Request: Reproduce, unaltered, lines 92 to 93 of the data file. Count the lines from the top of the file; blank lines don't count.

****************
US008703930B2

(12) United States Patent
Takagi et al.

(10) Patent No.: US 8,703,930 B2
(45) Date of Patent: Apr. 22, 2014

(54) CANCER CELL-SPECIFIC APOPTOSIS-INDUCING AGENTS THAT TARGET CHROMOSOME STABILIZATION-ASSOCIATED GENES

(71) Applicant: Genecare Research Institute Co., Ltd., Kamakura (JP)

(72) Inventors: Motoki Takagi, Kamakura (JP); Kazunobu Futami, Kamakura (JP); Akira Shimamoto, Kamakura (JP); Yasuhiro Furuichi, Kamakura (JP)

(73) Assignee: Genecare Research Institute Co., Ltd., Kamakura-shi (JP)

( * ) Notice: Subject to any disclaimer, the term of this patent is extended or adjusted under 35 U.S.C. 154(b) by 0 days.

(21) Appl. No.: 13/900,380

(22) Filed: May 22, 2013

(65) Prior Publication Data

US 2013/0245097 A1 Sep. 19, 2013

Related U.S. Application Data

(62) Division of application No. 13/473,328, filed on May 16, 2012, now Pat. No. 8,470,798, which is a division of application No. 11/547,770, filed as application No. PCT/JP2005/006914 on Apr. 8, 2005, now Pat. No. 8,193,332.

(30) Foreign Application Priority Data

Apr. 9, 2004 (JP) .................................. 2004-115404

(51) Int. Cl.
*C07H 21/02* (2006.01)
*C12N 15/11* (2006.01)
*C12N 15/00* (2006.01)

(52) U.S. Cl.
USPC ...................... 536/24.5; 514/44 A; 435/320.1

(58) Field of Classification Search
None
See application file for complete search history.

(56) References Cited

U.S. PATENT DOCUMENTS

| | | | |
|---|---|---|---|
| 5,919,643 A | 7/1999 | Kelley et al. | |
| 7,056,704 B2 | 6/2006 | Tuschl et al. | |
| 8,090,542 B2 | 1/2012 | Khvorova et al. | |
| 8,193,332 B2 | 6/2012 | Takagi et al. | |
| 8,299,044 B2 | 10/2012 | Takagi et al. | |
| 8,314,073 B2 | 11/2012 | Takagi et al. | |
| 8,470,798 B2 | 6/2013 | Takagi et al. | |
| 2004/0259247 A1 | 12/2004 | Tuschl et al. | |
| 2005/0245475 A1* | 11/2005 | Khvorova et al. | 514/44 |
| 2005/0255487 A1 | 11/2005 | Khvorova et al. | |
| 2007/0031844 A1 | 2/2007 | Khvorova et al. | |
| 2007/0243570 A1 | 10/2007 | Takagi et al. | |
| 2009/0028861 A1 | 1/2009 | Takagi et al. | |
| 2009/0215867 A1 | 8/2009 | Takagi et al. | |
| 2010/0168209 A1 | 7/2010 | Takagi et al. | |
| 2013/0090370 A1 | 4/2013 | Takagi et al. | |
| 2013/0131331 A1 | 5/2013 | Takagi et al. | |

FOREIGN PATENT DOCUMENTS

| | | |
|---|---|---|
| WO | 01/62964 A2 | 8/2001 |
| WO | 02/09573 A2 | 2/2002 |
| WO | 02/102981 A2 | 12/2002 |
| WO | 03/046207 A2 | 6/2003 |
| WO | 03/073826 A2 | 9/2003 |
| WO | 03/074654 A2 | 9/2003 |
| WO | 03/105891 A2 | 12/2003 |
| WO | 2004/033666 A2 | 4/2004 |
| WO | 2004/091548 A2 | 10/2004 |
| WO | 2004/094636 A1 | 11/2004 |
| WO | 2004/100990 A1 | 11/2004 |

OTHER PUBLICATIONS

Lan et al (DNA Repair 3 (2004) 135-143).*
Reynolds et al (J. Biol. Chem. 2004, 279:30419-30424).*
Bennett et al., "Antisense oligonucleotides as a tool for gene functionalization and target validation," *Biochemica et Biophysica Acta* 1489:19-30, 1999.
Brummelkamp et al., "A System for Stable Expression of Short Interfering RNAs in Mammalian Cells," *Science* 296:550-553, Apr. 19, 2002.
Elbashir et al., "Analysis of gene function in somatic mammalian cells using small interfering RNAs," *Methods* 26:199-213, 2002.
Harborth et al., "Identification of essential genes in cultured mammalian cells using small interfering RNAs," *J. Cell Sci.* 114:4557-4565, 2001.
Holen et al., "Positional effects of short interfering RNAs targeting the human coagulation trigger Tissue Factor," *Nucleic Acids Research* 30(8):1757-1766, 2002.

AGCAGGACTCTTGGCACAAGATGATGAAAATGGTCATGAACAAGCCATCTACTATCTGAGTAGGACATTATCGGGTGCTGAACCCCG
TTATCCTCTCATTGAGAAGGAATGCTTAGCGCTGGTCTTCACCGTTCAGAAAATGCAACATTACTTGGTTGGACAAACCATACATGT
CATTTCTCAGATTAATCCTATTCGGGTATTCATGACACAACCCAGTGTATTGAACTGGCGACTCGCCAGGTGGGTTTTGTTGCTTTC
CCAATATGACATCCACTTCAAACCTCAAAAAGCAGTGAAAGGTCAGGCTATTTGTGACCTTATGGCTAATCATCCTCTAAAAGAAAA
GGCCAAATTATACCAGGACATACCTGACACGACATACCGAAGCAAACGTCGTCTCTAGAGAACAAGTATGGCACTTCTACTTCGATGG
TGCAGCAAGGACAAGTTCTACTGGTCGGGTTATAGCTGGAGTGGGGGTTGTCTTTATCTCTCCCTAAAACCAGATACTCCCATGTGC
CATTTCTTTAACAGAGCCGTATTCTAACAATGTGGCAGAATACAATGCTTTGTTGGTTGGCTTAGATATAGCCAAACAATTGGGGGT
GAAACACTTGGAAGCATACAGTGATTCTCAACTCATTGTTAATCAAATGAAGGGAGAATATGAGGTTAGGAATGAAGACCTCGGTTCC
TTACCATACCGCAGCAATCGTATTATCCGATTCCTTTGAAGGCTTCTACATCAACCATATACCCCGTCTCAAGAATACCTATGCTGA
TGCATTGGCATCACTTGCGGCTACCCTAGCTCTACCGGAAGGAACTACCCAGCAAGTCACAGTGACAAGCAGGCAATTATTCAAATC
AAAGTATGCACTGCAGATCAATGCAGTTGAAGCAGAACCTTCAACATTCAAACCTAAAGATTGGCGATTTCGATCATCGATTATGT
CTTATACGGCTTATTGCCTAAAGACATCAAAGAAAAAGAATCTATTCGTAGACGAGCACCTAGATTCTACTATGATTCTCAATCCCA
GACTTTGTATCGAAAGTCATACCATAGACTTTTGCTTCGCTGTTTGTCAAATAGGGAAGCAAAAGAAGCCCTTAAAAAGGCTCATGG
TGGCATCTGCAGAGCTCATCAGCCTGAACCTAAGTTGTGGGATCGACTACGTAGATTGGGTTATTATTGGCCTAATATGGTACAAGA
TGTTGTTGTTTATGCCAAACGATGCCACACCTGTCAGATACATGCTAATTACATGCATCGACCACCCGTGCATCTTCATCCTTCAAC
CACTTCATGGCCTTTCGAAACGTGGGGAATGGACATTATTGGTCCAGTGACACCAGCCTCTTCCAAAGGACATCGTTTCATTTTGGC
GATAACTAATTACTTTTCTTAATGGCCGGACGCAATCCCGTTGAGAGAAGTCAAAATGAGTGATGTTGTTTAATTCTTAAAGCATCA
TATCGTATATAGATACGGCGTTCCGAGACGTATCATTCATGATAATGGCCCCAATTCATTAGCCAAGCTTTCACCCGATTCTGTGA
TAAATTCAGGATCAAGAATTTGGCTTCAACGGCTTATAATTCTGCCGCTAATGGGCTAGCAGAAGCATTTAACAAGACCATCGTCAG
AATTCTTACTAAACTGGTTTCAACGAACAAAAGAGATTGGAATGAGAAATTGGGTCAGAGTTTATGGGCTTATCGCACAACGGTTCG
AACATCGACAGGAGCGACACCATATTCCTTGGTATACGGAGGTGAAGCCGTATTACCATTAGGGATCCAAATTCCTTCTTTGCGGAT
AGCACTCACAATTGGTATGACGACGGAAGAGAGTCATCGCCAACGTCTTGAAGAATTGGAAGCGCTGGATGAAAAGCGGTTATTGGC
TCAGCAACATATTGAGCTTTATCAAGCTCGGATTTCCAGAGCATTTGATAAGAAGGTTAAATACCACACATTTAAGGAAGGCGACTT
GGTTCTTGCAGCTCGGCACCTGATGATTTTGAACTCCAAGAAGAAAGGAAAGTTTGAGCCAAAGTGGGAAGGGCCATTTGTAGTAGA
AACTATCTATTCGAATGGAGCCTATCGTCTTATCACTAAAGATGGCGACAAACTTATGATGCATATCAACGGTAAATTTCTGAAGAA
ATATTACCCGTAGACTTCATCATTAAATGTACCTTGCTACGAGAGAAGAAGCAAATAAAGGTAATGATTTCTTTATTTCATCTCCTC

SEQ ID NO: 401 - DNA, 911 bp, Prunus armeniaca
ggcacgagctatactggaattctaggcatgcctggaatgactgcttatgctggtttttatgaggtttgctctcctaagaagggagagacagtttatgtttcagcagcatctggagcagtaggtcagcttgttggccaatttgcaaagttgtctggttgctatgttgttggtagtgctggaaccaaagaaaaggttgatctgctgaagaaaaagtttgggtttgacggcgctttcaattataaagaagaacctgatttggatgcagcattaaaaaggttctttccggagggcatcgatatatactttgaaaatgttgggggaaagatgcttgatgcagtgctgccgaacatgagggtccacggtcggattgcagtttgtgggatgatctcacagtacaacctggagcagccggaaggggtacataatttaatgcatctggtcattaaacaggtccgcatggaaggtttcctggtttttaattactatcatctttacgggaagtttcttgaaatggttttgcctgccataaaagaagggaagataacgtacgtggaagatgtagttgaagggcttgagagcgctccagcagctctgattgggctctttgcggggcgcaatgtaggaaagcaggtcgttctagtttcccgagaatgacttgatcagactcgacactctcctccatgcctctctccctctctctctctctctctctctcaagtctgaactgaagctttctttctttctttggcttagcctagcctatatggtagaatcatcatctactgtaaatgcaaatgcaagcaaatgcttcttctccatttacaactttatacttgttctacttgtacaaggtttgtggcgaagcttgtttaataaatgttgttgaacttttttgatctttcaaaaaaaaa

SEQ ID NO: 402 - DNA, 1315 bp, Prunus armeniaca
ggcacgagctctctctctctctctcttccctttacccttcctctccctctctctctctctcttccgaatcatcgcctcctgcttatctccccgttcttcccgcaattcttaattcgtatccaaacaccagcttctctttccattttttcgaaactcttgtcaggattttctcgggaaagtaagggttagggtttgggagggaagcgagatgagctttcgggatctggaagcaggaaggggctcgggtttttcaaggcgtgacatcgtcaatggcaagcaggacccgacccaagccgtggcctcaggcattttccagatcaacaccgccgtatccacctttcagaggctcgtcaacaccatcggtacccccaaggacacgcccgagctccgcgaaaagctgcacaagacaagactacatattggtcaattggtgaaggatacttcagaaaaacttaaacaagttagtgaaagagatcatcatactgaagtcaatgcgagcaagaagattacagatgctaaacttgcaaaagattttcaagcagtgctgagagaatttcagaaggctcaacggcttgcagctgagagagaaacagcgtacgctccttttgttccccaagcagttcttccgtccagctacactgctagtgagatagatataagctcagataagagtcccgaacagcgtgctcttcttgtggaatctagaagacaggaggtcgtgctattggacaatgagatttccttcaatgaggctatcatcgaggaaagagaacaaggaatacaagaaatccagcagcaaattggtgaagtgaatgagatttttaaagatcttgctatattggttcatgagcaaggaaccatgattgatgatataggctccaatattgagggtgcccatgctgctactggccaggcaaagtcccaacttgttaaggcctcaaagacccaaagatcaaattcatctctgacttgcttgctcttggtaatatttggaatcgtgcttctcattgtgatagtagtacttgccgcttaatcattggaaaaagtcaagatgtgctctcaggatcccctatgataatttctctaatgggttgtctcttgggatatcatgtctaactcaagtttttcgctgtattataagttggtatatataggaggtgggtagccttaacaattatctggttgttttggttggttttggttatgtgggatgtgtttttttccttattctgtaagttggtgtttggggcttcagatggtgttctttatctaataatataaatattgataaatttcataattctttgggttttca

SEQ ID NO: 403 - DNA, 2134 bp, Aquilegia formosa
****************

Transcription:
AGCACTCACAATTGGTATGACGACGGAAGAGAGTCATCGCCAACGTCTTGAAGAATTGGAAGCGCTGGATGAAAAGCGGTTATTGGC
TCAGCAACATATTGAGCTTTATCAAGCTCGGATTTCCAGAGCATTTGATAAGAAGGTTAAATACCACACATTTAAGGAAGGCGACTT